"That's the technical force we're building in IBM and we're maniacally building in the Software Group," States said. She said her group has more than 400 professionals who work directly with ISVs.

Going forward, IBM is implementing a new role for its sales support staff. "It's a hybrid role between our architects and deep product specialists and will be called 'solutions specialist,' where you bridge into being focused on solutions," States said.

According to Forrester's Gilpin, IBM's moves in the vertical space are trend-setting and productive. "The IBM move is not a survival strategy, obviously; rather, [it] aims to increase market penetration and grow share [and revenue], and I think it's already showing some successful results in those areas on which they have focused," Gilpin said.

To be sure, the vertical push is dramatically impacting the software group's customer base—especially SMBs. According to Jim McDade, IBM's vice president of worldwide SMB, during the first half of this year IBM "pulled in 12,000 new SMB customers ... and we think we'll surpass that 12,000 in the second half."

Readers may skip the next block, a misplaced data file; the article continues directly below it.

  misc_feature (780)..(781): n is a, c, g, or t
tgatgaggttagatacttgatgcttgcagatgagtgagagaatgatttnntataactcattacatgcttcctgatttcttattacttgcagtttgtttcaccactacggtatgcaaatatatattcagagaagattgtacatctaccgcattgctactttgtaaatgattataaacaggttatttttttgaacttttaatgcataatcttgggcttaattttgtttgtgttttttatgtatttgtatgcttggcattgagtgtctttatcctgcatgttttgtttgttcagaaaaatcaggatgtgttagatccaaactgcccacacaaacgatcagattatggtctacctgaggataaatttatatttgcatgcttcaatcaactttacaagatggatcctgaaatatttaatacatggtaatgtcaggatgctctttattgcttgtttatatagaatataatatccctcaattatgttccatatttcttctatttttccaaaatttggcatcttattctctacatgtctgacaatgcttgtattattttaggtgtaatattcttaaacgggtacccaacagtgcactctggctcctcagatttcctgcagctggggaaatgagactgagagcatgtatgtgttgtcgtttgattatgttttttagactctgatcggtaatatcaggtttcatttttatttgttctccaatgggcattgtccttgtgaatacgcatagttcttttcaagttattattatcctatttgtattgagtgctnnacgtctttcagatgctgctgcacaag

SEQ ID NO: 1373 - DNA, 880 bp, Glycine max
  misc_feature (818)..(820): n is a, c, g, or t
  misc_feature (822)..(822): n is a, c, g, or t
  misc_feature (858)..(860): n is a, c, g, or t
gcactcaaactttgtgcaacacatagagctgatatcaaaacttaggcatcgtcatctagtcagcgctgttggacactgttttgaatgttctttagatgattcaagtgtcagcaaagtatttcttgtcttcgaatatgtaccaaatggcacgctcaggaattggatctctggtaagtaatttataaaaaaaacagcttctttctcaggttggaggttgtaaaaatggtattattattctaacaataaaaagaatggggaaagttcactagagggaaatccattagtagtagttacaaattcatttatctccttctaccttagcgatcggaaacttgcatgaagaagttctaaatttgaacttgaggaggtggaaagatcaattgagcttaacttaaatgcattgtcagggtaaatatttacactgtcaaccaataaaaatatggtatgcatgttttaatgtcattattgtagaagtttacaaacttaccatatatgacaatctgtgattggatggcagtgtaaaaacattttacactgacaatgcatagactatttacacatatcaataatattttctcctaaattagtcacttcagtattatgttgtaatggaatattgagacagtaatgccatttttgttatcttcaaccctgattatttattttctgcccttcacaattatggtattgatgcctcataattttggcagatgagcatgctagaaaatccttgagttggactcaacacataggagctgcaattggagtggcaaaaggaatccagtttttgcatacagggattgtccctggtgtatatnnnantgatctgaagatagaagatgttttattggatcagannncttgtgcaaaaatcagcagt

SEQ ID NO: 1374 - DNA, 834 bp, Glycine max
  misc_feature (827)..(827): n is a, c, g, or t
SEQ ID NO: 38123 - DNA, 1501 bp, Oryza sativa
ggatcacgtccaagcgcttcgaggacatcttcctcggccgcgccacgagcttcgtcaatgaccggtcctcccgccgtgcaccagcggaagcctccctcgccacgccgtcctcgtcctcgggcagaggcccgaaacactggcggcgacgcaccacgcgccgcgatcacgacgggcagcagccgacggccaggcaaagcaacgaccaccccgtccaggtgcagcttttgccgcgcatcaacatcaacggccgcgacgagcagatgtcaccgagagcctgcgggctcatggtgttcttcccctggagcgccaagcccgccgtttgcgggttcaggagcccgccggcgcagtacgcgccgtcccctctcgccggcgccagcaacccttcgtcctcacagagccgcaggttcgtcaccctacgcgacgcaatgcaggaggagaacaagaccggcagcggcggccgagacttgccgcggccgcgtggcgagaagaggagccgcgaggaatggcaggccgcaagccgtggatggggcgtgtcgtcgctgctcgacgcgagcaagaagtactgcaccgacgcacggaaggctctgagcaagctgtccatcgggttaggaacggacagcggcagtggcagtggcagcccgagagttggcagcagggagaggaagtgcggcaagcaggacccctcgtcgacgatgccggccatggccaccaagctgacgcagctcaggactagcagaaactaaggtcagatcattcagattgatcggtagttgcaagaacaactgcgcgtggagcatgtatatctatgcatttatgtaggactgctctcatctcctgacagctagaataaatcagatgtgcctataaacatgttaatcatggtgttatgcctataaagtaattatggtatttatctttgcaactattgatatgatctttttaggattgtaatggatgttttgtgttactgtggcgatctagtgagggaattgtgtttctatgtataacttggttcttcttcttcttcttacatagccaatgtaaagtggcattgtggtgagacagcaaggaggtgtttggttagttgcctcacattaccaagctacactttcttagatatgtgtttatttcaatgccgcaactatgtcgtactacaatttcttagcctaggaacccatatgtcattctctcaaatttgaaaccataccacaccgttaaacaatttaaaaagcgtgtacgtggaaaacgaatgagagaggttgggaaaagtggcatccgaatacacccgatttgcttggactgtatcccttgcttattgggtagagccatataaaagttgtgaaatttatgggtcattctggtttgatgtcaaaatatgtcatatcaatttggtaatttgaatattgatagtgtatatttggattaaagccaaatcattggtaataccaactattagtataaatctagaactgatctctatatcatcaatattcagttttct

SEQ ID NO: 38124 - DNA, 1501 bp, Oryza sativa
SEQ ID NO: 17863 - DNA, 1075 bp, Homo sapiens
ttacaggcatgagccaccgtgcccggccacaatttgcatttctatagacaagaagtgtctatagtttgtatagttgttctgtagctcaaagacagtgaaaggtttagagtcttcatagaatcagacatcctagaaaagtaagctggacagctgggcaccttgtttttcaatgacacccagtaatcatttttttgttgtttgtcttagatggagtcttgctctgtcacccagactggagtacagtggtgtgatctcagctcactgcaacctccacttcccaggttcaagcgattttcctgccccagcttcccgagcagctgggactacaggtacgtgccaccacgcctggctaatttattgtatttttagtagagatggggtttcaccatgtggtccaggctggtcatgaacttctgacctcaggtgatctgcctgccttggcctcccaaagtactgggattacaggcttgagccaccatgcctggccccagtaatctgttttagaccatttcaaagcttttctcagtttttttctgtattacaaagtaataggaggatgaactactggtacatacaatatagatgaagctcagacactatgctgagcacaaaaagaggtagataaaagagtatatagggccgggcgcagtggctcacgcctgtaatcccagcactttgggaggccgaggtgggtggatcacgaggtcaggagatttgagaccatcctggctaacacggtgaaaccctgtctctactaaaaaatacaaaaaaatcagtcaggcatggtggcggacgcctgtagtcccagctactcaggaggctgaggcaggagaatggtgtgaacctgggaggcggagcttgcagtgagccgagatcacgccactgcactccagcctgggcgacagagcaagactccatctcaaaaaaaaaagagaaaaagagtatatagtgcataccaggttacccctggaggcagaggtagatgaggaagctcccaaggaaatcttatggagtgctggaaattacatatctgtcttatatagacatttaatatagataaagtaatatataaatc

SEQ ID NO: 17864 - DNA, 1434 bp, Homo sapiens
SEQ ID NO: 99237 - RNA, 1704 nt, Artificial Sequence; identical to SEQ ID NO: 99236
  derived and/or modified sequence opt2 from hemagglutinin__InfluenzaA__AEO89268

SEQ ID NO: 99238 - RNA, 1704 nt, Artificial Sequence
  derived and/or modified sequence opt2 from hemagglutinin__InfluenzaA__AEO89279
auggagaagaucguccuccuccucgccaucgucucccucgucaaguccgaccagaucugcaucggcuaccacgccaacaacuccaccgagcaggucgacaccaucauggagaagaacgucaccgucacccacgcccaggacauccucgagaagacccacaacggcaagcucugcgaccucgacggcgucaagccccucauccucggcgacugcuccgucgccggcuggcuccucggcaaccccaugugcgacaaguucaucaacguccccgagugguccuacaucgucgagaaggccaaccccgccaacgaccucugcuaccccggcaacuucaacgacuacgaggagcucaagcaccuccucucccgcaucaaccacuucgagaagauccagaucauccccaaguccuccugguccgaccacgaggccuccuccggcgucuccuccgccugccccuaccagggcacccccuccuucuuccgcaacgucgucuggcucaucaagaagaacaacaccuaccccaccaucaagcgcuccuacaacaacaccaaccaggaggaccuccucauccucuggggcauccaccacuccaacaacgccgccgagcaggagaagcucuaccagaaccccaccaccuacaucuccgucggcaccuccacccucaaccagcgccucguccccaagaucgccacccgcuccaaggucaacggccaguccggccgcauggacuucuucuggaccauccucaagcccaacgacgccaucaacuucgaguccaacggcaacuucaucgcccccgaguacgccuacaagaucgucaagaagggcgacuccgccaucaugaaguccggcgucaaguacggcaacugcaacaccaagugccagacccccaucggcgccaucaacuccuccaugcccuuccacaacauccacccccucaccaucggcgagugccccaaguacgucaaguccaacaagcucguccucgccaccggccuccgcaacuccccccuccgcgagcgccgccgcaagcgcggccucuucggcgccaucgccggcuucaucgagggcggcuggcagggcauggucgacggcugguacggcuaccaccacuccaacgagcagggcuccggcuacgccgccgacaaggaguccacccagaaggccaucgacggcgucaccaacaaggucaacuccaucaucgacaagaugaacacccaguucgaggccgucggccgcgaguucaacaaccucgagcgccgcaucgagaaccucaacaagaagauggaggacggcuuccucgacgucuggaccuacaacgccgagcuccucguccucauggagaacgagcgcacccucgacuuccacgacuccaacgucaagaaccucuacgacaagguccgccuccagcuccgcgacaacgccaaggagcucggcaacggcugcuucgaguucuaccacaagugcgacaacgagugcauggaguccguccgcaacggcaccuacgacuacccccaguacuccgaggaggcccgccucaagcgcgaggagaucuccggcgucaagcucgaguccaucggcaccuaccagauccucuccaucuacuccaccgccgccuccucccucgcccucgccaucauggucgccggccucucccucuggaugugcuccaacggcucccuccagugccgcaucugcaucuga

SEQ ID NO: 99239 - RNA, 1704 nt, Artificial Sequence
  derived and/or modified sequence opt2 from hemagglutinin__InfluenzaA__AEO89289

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Darryl K. Taft covers the development tools and developer-related issues beat from his office in Baltimore. He has more than 10 years of experience in the business and is always looking for the next scoop. Taft is a member of the Association for Computing Machinery (ACM) and was named 'one of the most active middleware reporters in the world' by The Middleware Co. He also has his own card in the 'Who's Who in Enterprise Java' deck.